Some classic encryption algorithms.

Caesar's Cyher

Julius Caesar is said to have used this encryptions scheme while sending out military instructions to his generals.

This is a very simple method - it basically moves a letter three places forward - 'a' becomes 'd', 'b' becomes 'e' and so on.

Enigma Machine Encryption

Enigma Machine is a device used in World War II by Germany for encryption and decryption of top secret documents. It was a simple machine, but it created an encryption scheme that where extremely difficult to crack. In the end, a polish mathamatican cracked the code - it was one of the main reasons behind the allied victory of World War II.

Enigma Machine looked like ordinary typewriters. They had all the keys that where necessary on them and had an output with bulbs under every letter. When a key is pressed, the bulb under the letter corresponding to that key was lit. In between the key and the bulb the wires went through some wheels. The first models of Enigma machines had four wheels(like my program). Later, more advanced machines were created - some having upto 16 wheels.

See the Simulation of an Enigma Machine using 4 wheels.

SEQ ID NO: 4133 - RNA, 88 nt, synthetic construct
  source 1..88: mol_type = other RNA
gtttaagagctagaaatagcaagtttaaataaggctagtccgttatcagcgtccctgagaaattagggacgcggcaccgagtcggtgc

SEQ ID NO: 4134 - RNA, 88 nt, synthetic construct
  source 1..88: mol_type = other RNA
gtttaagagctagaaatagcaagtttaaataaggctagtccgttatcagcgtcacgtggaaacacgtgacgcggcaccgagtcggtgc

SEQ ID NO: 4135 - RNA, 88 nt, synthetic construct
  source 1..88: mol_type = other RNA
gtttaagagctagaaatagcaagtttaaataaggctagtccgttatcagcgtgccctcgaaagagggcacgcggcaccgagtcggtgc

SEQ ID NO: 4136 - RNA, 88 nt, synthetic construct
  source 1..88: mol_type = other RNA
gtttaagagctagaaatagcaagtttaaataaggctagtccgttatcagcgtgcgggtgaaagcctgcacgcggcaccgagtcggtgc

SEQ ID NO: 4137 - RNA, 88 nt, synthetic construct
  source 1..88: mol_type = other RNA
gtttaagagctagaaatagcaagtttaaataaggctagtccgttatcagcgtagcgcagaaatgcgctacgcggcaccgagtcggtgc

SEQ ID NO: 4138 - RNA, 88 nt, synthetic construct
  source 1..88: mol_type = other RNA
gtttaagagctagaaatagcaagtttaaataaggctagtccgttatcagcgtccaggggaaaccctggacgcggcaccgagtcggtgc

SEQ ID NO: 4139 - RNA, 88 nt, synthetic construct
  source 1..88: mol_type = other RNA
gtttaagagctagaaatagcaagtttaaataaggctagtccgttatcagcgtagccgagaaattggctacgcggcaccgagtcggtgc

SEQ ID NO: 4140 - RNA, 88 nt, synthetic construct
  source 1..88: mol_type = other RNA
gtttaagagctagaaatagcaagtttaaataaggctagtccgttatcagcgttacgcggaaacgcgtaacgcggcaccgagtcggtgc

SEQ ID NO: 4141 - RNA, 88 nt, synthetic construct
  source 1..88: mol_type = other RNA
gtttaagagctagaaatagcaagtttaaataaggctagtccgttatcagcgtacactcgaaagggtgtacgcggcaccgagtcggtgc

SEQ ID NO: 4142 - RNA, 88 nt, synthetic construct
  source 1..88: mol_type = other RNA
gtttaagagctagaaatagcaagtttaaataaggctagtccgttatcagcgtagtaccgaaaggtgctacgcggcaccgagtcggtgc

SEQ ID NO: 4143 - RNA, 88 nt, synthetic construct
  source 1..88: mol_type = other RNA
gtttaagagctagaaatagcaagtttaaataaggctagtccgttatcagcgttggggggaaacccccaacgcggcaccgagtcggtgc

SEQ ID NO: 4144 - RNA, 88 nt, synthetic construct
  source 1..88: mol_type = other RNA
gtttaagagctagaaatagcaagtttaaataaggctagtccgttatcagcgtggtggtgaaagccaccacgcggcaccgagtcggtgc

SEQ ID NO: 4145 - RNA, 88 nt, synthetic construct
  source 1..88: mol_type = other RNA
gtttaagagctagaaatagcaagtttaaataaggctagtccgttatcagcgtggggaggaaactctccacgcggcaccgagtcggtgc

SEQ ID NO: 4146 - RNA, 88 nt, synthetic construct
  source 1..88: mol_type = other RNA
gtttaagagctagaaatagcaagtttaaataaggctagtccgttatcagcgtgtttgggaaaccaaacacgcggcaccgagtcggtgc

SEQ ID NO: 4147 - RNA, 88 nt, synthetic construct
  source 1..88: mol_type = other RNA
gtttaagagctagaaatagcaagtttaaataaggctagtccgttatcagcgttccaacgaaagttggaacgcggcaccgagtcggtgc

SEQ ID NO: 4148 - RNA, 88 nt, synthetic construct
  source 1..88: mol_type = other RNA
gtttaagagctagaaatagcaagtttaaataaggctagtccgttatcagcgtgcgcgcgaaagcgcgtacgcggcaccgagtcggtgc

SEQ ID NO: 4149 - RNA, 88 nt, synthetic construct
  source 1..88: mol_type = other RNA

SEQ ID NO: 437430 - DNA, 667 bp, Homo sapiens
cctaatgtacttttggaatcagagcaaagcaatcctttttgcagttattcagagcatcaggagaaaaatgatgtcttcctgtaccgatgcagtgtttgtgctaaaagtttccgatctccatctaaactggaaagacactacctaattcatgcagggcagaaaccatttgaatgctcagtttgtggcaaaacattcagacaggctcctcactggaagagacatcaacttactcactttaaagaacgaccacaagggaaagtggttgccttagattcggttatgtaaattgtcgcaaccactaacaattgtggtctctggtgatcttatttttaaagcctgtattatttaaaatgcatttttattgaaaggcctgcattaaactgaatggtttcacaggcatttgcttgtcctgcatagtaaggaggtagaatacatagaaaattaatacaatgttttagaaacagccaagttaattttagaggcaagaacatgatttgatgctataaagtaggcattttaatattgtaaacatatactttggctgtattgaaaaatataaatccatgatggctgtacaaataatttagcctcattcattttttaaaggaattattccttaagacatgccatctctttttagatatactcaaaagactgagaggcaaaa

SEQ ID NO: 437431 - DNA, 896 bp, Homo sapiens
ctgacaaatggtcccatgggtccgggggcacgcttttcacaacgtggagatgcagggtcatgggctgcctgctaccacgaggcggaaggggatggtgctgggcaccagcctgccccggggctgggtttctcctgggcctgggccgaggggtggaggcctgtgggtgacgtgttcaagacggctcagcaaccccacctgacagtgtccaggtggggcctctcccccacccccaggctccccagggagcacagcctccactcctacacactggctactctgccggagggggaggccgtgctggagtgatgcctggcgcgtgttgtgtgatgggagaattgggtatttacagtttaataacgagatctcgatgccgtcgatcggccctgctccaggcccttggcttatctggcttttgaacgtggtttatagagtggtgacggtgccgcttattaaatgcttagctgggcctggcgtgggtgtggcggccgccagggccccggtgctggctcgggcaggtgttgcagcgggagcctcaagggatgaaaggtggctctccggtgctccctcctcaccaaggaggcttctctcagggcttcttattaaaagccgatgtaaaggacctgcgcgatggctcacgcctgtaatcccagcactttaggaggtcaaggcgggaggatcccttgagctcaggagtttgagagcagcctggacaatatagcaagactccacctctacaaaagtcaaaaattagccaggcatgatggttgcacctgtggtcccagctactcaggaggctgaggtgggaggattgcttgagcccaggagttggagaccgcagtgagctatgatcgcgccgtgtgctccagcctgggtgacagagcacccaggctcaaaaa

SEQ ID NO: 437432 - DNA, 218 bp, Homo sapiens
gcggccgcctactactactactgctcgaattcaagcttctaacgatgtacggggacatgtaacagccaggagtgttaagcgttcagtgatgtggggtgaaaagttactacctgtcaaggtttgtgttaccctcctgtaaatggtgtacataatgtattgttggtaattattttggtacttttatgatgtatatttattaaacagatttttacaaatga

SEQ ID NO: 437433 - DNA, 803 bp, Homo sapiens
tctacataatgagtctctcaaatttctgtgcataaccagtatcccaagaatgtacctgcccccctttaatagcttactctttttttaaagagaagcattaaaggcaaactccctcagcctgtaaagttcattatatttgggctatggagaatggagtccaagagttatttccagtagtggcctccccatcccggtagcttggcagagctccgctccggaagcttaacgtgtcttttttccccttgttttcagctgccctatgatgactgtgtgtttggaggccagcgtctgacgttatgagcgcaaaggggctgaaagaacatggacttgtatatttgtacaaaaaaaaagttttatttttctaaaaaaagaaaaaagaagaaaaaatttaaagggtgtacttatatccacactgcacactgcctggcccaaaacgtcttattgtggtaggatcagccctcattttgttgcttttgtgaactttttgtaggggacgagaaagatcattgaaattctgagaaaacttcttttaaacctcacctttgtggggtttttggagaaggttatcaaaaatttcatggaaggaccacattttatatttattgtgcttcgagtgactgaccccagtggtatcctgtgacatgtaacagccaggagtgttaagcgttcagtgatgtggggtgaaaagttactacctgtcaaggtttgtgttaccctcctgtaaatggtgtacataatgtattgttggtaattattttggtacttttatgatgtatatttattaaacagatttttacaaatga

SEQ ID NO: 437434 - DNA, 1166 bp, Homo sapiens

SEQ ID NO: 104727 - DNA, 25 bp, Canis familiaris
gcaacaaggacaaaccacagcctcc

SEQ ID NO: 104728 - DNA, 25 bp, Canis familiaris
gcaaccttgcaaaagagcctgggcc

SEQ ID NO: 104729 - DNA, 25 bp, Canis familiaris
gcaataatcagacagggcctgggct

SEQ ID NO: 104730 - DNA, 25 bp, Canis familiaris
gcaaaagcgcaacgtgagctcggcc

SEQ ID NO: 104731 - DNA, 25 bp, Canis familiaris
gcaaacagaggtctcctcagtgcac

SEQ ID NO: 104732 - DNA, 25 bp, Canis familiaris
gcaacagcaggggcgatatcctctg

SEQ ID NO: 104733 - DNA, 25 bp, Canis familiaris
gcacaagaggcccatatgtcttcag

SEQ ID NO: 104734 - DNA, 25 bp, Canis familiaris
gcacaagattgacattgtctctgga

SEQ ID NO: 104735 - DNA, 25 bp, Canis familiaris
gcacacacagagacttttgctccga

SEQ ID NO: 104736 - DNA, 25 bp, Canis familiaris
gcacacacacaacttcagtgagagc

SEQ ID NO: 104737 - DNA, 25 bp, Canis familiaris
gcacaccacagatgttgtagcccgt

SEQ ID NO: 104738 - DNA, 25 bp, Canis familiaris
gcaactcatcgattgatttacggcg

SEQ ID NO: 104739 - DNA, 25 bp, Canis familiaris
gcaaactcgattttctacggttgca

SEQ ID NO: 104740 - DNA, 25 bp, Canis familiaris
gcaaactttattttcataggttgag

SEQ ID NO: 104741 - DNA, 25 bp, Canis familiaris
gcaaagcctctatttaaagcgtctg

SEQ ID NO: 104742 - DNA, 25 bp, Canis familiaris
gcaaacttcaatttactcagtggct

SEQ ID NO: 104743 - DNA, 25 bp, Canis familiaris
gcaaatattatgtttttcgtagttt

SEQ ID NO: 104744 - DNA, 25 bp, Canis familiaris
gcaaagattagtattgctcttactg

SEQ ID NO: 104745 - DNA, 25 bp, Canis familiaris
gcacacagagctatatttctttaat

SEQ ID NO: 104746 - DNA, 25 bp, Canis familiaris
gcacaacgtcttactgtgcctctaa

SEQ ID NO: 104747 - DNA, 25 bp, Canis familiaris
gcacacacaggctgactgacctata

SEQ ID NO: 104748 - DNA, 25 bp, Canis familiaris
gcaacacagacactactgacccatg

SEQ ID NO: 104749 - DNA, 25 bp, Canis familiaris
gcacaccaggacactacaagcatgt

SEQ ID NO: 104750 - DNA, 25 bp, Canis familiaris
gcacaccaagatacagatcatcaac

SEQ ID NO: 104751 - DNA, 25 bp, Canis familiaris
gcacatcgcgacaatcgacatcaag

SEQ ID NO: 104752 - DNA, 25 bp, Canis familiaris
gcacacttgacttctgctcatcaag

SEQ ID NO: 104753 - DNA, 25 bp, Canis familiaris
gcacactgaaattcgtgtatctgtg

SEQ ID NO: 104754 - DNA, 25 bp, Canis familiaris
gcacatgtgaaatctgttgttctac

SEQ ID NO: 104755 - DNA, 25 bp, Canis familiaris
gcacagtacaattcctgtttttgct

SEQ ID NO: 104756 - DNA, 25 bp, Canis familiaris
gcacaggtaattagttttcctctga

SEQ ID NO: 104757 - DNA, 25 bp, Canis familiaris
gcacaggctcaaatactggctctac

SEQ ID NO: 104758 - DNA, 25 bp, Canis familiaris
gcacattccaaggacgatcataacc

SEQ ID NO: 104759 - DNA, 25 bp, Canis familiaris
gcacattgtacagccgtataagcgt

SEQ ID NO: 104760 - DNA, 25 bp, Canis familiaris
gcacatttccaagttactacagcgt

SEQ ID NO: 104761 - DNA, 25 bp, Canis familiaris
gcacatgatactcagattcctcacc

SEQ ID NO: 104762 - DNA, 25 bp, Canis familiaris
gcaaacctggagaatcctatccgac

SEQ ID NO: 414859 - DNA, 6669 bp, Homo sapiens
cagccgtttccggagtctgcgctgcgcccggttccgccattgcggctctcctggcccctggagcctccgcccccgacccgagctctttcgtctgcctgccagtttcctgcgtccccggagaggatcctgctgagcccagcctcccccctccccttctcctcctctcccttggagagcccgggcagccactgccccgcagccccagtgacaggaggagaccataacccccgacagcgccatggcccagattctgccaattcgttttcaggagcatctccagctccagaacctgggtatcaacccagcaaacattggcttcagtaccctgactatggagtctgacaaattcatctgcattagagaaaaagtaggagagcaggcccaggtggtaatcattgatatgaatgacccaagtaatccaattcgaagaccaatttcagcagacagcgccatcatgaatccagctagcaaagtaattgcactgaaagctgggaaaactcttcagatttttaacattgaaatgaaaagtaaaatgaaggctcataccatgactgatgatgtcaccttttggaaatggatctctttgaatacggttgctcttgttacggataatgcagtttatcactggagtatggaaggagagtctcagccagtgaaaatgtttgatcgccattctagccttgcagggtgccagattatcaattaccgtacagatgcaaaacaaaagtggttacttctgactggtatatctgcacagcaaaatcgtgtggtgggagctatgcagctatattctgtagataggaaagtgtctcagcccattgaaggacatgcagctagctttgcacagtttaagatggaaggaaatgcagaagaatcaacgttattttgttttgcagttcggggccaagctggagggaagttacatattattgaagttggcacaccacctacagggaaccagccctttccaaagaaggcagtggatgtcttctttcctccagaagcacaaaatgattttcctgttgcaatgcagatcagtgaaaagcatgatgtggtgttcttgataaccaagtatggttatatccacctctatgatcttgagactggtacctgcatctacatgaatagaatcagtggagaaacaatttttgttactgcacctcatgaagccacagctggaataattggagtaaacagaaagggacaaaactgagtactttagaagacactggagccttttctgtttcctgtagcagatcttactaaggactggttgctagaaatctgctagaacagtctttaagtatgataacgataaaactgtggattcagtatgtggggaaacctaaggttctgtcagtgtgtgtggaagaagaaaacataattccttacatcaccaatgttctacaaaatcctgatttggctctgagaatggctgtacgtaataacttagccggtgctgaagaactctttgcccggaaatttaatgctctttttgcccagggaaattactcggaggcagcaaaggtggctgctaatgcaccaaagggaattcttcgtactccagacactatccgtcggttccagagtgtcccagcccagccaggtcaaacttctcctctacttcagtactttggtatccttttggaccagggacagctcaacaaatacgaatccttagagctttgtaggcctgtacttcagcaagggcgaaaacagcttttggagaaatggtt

Download a Java version of Enigma Machine using 2 wheels. Be careful of this - this is my first Java Program and has a lot of bugs. Try the JavaScript version above - that is much better.


'Rotate alphabet 13 places'. The simple Caesar-cypher encryption that replaces each English letter with the one 13 places forward or back along the alphabet, so that "The butler did it!" becomes "Gur ohgyre qvq vg!" A major advantage of ROT-13 over rot(N) for other N is that it is self-inverse, so the same code can be used for encoding and decoding. So if you click the button two times, you get the original message back.

Binny's Re-Encryption Method

This is perhaps the easiest encryption to do - just 1 line of code is enough. This methord uses the Regular Expressions.
encrypted = txt.replace(/(.)(.)(.)(.)(.)(.)(.)/g,"$3$6$7$1$2$4$5")
Decryption is just as simple...
decrypted = txt.replace(/(.)(.)(.)(.)(.)(.)(.)/g,"$4$5$1$6$7$2$3")


This basically mixes the letters around.
One can use any good text editor, which has regular expression search and replace support to encrypt a file. Just open a file and replace the regular expression "(.)(.)(.)(.)(.)(.)(.)" with the string "\3\6\7\1\2\4\5". To decrypt it, just replace "(.)(.)(.)(.)(.)(.)(.)" with "/4/5/1/6/7/2/3". Or you can use grep to do it for you. Another feature of this scheme is that one can modify the encryption as he/she likes very easily.

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